Additional paid-in capital (APIC) or capital surplus is the money investors pay above the par value of shares. The premium paid above the face values of the newly issued shares is called the share premium or additional paid-in capital.

It is received by a company when it issues common or preferred shares. It can only be received at the time of IPO, direct listing, or rights issue. It can be eliminated or reduced by retiring stocks permanently.

Stocks are issued at a low nominal value to avoid any legal complications by companies. The par value is often set at $1.0 or even a fraction of a dollar. However, on IPO day the investors are willing to pay much higher prices. Any difference in the par value of the shares and the price paid by the investors is referred to as additional paid-in capital.

It is recorded under the equity section of the balance sheet. All cash proceeds are entered into the cash account on the balance sheet. The corresponding entries to the collected cash are adjusted against the common stock (share capital) and the additional paid-in capital. Together these two items make up the total paid-in or contributed capital of the company.

How to Calculate the Additional Paid-In Capital?

The total paid-in or contributed capital is the capital raised through an IPO. It is the total number of shares subscribed (purchased) by the investors multiplied by the market value. The number of shares multiplied by the par value refers to the share capital. The premium received above the par value of the shares is called additional paid-in capital.

It can be calculated as:

Additional Paid-In Capital = (Issue Price – Par Value) × no. of shares (subscribed by investors)

Working Example

Suppose a company Green Star Co. Goes for an IPO and issues 1 million shares at a par value of $0.50. On the IPO day, the issue price of the shares can be different as investors would be willing to pay a higher amount in anticipation of capital gains.

Suppose the issue price is $ 15 per share. We assume all shares are fully subscribed by the investors. Hence, the total share capital raised through the IPO is $ 15 million.

We can calculate the additional paid-in capital as below.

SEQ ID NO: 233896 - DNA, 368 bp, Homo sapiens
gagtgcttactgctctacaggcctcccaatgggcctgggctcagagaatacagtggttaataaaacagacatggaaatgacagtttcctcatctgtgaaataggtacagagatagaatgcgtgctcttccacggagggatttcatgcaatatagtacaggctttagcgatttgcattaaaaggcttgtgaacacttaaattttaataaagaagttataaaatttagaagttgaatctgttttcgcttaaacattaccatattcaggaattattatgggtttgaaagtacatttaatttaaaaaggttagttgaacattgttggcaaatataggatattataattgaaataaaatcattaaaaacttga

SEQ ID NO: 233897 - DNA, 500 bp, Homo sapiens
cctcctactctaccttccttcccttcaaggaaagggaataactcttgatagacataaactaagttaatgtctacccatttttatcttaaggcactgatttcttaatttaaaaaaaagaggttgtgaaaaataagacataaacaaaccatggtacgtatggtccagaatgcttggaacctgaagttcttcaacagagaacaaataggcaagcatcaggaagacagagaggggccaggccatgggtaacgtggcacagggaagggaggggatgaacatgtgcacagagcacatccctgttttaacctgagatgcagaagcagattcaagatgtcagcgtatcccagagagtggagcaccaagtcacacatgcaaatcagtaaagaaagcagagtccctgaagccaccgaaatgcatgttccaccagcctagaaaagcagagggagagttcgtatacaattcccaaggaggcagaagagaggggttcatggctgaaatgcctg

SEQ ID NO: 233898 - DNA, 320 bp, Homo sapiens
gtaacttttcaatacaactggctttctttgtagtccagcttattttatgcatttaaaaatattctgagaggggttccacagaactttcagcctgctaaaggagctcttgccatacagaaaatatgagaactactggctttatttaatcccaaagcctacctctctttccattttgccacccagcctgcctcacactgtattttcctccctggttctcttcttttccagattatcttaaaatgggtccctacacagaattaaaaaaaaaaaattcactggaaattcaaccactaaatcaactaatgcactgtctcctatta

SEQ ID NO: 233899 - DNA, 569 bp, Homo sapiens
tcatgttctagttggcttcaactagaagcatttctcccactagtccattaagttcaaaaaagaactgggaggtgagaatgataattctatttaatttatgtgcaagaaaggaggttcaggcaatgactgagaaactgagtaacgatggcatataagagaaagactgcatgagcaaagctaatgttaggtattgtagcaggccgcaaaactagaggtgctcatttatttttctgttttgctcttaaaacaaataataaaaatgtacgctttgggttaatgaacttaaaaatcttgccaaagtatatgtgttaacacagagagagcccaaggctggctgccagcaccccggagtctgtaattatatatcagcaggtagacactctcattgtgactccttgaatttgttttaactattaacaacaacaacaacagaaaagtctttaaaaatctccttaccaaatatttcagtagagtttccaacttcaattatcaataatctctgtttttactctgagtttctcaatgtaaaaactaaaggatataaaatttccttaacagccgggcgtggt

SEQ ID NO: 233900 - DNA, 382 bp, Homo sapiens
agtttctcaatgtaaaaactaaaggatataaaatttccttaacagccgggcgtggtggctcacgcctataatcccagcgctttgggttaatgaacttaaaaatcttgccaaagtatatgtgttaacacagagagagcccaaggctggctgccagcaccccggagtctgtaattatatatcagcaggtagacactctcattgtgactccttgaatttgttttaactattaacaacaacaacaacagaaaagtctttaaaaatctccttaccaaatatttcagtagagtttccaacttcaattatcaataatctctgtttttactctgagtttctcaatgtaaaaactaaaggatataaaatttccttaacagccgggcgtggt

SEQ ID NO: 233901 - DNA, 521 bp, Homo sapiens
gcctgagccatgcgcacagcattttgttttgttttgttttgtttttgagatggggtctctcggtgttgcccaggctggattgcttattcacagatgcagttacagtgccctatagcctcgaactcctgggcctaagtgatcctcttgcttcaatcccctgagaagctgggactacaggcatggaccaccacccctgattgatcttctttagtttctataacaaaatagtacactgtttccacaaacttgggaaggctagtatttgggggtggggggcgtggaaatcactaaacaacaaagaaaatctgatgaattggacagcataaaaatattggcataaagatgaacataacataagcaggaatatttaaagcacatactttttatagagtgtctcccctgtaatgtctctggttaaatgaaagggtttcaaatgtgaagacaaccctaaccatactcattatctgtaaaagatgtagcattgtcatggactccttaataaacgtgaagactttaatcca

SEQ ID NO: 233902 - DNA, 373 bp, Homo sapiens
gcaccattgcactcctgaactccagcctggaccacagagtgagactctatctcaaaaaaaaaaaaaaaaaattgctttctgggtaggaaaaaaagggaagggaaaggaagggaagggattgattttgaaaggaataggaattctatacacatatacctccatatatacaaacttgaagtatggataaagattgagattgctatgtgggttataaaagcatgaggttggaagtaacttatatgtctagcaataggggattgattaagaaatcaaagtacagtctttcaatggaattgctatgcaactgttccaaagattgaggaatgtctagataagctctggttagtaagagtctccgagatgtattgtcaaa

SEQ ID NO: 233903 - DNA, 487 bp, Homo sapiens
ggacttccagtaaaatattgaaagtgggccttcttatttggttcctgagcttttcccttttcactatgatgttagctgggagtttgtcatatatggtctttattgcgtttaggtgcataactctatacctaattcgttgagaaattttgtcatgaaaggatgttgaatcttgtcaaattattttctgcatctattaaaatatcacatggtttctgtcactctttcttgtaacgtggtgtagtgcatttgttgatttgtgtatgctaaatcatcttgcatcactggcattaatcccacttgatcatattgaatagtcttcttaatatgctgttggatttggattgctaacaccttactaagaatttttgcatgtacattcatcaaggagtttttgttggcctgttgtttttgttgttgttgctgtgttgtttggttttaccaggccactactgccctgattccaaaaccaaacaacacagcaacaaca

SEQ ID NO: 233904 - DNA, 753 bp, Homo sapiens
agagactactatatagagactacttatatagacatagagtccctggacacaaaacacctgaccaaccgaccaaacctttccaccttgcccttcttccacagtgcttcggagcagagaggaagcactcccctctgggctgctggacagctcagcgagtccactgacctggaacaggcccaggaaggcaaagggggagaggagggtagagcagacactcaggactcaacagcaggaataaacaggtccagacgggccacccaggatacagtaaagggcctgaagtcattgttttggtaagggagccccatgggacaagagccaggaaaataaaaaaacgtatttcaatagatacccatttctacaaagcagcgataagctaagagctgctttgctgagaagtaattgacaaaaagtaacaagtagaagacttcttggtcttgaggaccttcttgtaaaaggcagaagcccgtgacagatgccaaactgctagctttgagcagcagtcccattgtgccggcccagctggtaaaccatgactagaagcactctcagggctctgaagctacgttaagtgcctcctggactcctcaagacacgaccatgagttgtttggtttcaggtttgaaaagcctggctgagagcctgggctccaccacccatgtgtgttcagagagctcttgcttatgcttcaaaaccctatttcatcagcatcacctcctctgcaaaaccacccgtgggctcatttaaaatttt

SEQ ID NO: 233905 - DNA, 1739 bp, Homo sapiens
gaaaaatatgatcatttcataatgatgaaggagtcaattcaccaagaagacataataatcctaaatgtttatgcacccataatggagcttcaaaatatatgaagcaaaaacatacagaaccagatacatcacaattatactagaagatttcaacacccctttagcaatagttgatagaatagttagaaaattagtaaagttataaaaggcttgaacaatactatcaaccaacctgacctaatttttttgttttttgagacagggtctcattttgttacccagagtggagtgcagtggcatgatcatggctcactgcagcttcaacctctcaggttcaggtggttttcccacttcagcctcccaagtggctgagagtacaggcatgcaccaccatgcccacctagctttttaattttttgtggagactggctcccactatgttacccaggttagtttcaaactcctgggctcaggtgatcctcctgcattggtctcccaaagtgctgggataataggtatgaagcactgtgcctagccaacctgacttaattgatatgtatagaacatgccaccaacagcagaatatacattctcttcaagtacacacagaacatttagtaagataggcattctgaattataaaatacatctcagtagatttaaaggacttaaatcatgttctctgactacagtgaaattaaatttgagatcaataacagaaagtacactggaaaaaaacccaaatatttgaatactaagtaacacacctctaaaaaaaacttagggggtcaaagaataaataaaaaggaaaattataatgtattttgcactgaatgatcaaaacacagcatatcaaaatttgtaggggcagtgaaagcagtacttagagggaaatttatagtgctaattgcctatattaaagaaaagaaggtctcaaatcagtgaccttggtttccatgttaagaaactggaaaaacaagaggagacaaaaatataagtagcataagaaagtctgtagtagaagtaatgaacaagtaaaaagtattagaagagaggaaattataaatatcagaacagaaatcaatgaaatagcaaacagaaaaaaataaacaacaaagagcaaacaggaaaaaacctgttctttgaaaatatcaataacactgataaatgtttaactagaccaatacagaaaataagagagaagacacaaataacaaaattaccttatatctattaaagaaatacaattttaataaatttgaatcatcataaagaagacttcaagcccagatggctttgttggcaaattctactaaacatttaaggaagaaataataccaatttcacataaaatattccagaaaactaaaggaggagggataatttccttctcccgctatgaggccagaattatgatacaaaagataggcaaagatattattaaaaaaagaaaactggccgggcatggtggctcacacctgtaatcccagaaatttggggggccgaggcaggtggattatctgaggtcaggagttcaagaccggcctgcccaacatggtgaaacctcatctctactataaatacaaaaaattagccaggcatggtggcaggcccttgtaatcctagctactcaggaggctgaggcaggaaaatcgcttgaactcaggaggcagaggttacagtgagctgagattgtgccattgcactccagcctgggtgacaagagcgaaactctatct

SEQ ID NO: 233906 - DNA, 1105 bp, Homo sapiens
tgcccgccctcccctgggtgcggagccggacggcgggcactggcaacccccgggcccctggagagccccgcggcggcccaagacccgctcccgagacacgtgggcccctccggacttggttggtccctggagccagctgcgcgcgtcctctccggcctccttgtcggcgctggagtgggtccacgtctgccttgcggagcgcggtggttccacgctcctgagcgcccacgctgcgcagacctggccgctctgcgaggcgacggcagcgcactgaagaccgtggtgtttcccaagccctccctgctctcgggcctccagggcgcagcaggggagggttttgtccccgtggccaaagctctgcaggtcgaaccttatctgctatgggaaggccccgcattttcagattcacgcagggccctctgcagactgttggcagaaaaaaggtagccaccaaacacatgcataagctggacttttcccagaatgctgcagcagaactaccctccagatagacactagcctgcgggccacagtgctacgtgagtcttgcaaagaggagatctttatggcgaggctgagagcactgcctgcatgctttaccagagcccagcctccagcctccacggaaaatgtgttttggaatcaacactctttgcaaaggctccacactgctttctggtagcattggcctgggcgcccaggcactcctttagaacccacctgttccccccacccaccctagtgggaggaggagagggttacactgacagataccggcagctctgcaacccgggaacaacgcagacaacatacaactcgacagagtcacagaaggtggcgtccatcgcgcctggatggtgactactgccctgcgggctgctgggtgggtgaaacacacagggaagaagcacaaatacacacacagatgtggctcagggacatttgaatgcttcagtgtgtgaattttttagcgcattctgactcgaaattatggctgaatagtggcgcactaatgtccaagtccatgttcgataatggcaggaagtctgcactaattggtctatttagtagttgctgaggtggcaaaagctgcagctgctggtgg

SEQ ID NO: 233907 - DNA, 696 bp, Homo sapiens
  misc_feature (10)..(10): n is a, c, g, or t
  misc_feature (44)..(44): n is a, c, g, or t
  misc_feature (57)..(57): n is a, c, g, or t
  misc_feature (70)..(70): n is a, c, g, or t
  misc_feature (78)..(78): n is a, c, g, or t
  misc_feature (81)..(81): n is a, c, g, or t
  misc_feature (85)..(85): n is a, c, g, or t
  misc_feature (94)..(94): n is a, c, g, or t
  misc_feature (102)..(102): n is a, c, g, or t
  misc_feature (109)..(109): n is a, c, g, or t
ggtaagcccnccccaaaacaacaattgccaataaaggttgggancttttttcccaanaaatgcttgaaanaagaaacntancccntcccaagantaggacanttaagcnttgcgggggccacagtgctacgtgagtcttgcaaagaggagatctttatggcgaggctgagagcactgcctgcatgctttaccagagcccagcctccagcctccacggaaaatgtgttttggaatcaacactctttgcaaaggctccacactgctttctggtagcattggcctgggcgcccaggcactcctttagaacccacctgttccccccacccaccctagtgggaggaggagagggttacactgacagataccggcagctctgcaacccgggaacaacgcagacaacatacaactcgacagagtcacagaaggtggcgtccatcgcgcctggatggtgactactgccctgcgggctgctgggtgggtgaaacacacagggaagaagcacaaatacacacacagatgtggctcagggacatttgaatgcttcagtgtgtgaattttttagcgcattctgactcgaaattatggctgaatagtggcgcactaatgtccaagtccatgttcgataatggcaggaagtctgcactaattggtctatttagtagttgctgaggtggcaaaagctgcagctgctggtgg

APIC = (issue price – par value) × no. of shares subscribed by investors

APIC = (15 – 0.50) × 1,000,000 = $ 14,500,000

The company will record $ 500,000 as share capital and $ 14.5 million as additional paid-in capital. The total capital raised through the IPO is $ 15 million called total paid-in capital.

Special Considerations with Additional Paid-In Capital

The book value of the additional paid-in capital is recorded on the IPO day with the issue price. Once it is recorded in the books, it does not change the value. Investors can sell the shares in the stock market at appreciated prices. However, that does not change the APIC values on the company books.

If the company issues new shares, any premium collected will increase the APIC amount. Similarly, if the company retires any stocks permanently, it will reduce the APIC value.

The market value of shares changes continuously. However, the market value does not affect the book values of the stocks. Hence, the company’s APIC does not change with any price movements. It only reflects changes when the company issues or retires stocks. For instance, a company may buy back shares and then retire these stocks permanently. Similarly, any new shares issues such as preferred shares, bonus shares, or compensation shares increase the APIC value.

Pros and Cons of Additional Paid-In Capital

It is an important component of the owner’s equity. It forms the larger portion of the total paid-in or contributed capital. Hence, it offers several benefits to the company and shareholders.

Pros of Additional Paid-In Capital are:

  • It provides a substantial source of equity for the company.
  • It does not need to be repaid to investors, unlike debt financing.
  • The company has no legal obligations to pay returns on investment in the form of dividends.
  • The company is free to utilize the capital for various purposes.
  • In the case of default, the shareholders cannot claim the lien unless all other debts are settled.

Cons of Additional Paid-In Capital are:

  • It is a form of equity; hence it increases the total cost of capital.
  • Issuing new shares does not guarantee that all shares would be subscribed.
  • Investors cannot always make profits with their investments through share subscriptions.


Additional paid-in capital is the difference between the par value of the shares and the issue price. It is an important part of the contributed capital and the owner’s equity. It is an easier option for any company to raise capital.

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